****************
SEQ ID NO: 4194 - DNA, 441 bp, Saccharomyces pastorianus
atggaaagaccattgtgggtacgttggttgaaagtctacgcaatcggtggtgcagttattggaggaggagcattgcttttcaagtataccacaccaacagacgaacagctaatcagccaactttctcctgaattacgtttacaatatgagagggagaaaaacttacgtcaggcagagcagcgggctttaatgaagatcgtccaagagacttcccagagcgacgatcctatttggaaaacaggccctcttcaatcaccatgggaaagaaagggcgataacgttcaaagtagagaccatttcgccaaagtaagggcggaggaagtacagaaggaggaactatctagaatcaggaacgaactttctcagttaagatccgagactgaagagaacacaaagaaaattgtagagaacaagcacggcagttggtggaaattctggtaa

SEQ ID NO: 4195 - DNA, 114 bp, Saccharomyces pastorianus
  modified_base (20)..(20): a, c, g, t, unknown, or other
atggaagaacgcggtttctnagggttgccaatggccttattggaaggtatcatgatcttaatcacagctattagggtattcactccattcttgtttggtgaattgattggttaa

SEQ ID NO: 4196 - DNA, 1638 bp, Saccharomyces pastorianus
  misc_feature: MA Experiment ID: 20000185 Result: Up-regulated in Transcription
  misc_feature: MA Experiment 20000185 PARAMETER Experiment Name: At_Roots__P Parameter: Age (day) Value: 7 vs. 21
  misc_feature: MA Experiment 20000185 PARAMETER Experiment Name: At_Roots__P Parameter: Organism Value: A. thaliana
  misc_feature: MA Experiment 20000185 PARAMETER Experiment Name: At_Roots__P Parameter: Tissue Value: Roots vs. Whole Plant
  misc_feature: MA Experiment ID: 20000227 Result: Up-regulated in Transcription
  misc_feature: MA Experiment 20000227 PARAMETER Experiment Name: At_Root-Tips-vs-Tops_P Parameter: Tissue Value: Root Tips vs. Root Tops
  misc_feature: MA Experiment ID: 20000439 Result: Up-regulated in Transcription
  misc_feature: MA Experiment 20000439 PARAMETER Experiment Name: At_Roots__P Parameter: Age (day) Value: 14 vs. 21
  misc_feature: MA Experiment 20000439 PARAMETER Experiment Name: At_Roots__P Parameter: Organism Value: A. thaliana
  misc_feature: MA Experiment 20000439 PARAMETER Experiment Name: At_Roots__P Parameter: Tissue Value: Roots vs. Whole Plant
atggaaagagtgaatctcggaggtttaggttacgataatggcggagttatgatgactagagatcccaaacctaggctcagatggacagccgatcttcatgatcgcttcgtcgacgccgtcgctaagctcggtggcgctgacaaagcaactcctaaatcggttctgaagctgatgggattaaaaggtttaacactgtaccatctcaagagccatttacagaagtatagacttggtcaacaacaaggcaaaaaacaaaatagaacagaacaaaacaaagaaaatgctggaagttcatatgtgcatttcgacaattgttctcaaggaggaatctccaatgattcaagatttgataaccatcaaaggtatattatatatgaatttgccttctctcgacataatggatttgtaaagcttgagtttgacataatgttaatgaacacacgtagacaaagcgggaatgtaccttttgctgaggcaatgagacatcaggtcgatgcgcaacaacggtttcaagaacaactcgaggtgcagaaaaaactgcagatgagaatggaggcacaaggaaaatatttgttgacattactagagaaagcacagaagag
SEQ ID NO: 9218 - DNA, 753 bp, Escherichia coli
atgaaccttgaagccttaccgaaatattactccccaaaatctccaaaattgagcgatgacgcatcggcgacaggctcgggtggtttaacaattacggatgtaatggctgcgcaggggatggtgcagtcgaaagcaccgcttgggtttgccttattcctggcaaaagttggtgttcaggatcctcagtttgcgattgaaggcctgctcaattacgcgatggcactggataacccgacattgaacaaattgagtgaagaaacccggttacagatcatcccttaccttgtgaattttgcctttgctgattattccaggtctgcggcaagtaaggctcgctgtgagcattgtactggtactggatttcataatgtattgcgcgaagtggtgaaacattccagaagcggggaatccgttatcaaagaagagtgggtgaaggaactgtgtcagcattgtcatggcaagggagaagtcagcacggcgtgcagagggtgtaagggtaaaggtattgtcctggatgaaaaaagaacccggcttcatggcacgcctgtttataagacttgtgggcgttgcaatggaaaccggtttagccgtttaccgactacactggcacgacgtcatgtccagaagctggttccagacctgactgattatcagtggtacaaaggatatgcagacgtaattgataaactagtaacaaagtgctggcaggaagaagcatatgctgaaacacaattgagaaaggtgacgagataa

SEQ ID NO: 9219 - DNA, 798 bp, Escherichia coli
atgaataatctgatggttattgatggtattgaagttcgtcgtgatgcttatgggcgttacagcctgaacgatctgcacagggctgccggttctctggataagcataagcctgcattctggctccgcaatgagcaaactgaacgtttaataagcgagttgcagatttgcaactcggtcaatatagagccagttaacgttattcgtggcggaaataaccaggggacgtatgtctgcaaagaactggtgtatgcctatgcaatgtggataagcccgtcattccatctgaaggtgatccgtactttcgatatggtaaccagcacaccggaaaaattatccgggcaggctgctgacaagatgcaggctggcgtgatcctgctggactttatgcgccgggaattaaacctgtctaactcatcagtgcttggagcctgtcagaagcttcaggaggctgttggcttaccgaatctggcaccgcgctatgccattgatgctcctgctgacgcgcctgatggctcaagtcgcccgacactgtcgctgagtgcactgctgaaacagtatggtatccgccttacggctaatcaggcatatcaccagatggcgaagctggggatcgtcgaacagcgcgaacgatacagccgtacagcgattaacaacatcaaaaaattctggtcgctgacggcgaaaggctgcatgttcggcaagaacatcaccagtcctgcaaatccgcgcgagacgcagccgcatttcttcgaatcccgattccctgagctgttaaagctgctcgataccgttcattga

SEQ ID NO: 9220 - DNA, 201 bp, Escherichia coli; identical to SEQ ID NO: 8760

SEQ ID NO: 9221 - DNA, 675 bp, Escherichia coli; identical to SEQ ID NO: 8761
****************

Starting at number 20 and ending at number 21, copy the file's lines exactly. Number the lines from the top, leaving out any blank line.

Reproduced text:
SEQ ID NO: 9219 - DNA, 798 bp, Escherichia coli
atgaataatctgatggttattgatggtattgaagttcgtcgtgatgcttatgggcgttacagcctgaacgatctgcacagggctgccggttctctggataagcataagcctgcattctggctccgcaatgagcaaactgaacgtttaataagcgagttgcagatttgcaactcggtcaatatagagccagttaacgttattcgtggcggaaataaccaggggacgtatgtctgcaaagaactggtgtatgcctatgcaatgtggataagcccgtcattccatctgaaggtgatccgtactttcgatatggtaaccagcacaccggaaaaattatccgggcaggctgctgacaagatgcaggctggcgtgatcctgctggactttatgcgccgggaattaaacctgtctaactcatcagtgcttggagcctgtcagaagcttcaggaggctgttggcttaccgaatctggcaccgcgctatgccattgatgctcctgctgacgcgcctgatggctcaagtcgcccgacactgtcgctgagtgcactgctgaaacagtatggtatccgccttacggctaatcaggcatatcaccagatggcgaagctggggatcgtcgaacagcgcgaacgatacagccgtacagcgattaacaacatcaaaaaattctggtcgctgacggcgaaaggctgcatgttcggcaagaacatcaccagtcctgcaaatccgcgcgagacgcagccgcatttcttcgaatcccgattccctgagctgttaaagctgctcgataccgttcattga